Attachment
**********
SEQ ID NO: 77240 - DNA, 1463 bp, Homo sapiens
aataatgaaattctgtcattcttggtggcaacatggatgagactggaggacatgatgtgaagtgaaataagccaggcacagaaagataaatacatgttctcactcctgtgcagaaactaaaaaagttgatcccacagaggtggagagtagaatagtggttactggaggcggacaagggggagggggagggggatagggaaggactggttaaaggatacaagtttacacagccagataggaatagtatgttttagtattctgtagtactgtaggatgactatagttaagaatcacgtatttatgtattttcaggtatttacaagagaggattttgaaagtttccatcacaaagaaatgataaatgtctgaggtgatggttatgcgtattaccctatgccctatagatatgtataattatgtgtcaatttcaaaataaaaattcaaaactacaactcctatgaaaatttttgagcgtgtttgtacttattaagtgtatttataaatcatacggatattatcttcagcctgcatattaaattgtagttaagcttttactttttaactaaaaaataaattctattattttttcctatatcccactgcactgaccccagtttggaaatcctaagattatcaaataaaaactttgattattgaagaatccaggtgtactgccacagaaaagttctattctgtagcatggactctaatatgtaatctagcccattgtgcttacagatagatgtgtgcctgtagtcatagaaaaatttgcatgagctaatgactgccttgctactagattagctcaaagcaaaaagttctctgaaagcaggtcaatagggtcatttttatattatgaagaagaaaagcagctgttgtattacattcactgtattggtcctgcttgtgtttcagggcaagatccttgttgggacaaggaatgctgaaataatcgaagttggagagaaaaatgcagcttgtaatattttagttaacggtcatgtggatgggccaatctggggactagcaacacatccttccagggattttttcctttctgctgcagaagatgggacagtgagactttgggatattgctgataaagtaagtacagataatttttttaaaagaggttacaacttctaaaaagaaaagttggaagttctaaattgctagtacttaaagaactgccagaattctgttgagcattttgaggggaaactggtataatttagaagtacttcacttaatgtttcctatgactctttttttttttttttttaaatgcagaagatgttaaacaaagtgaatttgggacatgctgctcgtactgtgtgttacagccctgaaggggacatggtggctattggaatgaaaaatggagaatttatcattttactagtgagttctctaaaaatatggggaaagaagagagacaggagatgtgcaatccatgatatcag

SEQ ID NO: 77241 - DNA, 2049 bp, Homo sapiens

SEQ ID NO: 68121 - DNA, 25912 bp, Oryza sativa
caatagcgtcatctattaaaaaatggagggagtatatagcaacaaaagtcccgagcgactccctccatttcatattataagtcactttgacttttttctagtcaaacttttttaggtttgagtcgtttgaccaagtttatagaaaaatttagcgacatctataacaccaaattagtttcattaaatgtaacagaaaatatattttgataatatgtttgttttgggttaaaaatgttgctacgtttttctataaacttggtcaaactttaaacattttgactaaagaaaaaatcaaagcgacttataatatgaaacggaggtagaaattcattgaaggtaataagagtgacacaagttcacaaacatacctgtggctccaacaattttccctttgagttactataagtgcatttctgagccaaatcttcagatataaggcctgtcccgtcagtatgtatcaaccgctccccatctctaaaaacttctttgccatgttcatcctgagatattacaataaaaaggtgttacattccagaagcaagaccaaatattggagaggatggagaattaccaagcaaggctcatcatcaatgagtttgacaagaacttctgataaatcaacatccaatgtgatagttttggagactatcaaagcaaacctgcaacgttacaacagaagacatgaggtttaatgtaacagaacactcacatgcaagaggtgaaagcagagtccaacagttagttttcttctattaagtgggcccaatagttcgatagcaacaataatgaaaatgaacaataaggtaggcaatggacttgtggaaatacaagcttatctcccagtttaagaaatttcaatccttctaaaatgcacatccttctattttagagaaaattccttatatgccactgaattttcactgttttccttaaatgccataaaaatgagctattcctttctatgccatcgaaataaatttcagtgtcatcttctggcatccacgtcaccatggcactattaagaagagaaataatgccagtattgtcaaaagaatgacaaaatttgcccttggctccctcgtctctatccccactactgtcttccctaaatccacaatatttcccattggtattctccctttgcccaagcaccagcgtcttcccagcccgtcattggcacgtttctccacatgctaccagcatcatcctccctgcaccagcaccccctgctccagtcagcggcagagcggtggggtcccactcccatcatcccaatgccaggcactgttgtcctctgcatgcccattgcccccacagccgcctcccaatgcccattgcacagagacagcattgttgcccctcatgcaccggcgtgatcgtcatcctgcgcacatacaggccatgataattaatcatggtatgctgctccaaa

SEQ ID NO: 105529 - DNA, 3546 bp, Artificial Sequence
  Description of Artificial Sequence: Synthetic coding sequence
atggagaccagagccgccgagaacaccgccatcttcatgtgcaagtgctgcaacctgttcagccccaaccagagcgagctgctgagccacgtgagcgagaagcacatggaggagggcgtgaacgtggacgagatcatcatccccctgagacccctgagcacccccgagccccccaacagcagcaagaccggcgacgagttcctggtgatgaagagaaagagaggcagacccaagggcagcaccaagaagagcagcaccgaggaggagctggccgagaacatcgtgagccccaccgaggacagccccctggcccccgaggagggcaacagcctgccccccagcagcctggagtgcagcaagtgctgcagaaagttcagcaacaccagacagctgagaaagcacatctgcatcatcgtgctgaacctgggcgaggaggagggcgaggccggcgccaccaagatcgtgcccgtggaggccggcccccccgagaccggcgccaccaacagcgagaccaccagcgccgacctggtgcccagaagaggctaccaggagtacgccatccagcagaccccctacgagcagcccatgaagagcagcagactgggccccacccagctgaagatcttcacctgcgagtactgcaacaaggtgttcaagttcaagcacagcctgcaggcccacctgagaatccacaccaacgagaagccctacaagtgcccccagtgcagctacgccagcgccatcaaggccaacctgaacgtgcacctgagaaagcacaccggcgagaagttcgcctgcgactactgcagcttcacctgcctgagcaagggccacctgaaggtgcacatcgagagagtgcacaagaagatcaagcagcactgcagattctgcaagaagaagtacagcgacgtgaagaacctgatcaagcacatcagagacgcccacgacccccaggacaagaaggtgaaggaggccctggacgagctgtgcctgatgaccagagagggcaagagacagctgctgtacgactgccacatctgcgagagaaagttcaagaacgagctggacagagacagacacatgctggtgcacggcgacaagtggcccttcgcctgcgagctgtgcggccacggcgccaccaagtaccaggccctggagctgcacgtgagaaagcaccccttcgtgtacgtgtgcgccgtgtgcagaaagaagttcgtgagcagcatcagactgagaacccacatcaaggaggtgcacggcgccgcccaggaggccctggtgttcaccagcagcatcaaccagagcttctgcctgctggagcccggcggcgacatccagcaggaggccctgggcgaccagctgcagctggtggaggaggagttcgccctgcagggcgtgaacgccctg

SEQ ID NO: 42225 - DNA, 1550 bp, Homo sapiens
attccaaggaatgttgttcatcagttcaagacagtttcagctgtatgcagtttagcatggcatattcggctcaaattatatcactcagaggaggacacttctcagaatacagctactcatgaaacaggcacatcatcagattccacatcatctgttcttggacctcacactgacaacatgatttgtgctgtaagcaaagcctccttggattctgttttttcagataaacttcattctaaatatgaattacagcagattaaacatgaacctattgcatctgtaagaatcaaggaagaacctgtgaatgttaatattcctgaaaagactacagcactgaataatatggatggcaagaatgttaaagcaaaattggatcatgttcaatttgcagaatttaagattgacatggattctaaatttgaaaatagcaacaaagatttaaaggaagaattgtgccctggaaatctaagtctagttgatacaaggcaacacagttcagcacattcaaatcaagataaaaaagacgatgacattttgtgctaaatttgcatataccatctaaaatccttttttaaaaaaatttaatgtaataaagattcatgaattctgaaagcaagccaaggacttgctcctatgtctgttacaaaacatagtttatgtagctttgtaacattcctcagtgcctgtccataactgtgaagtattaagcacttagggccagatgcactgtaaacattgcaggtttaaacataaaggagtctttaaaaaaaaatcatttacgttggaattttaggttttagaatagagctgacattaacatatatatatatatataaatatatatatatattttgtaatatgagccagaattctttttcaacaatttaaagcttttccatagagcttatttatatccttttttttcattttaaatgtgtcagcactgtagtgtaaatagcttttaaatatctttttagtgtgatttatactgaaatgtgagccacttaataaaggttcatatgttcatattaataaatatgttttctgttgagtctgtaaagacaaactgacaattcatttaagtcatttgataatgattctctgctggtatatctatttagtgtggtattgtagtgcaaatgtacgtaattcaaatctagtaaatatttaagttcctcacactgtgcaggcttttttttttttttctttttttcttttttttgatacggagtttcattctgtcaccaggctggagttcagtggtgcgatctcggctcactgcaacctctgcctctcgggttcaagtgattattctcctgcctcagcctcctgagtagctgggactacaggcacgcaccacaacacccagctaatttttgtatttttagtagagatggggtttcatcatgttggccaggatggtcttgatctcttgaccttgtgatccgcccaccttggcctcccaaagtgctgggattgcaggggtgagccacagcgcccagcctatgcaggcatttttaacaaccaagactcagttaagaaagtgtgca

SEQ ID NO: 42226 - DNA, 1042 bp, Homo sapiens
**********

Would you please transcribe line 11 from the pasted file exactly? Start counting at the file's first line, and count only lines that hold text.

SEQ ID NO: 42226 - DNA, 1042 bp, Homo sapiens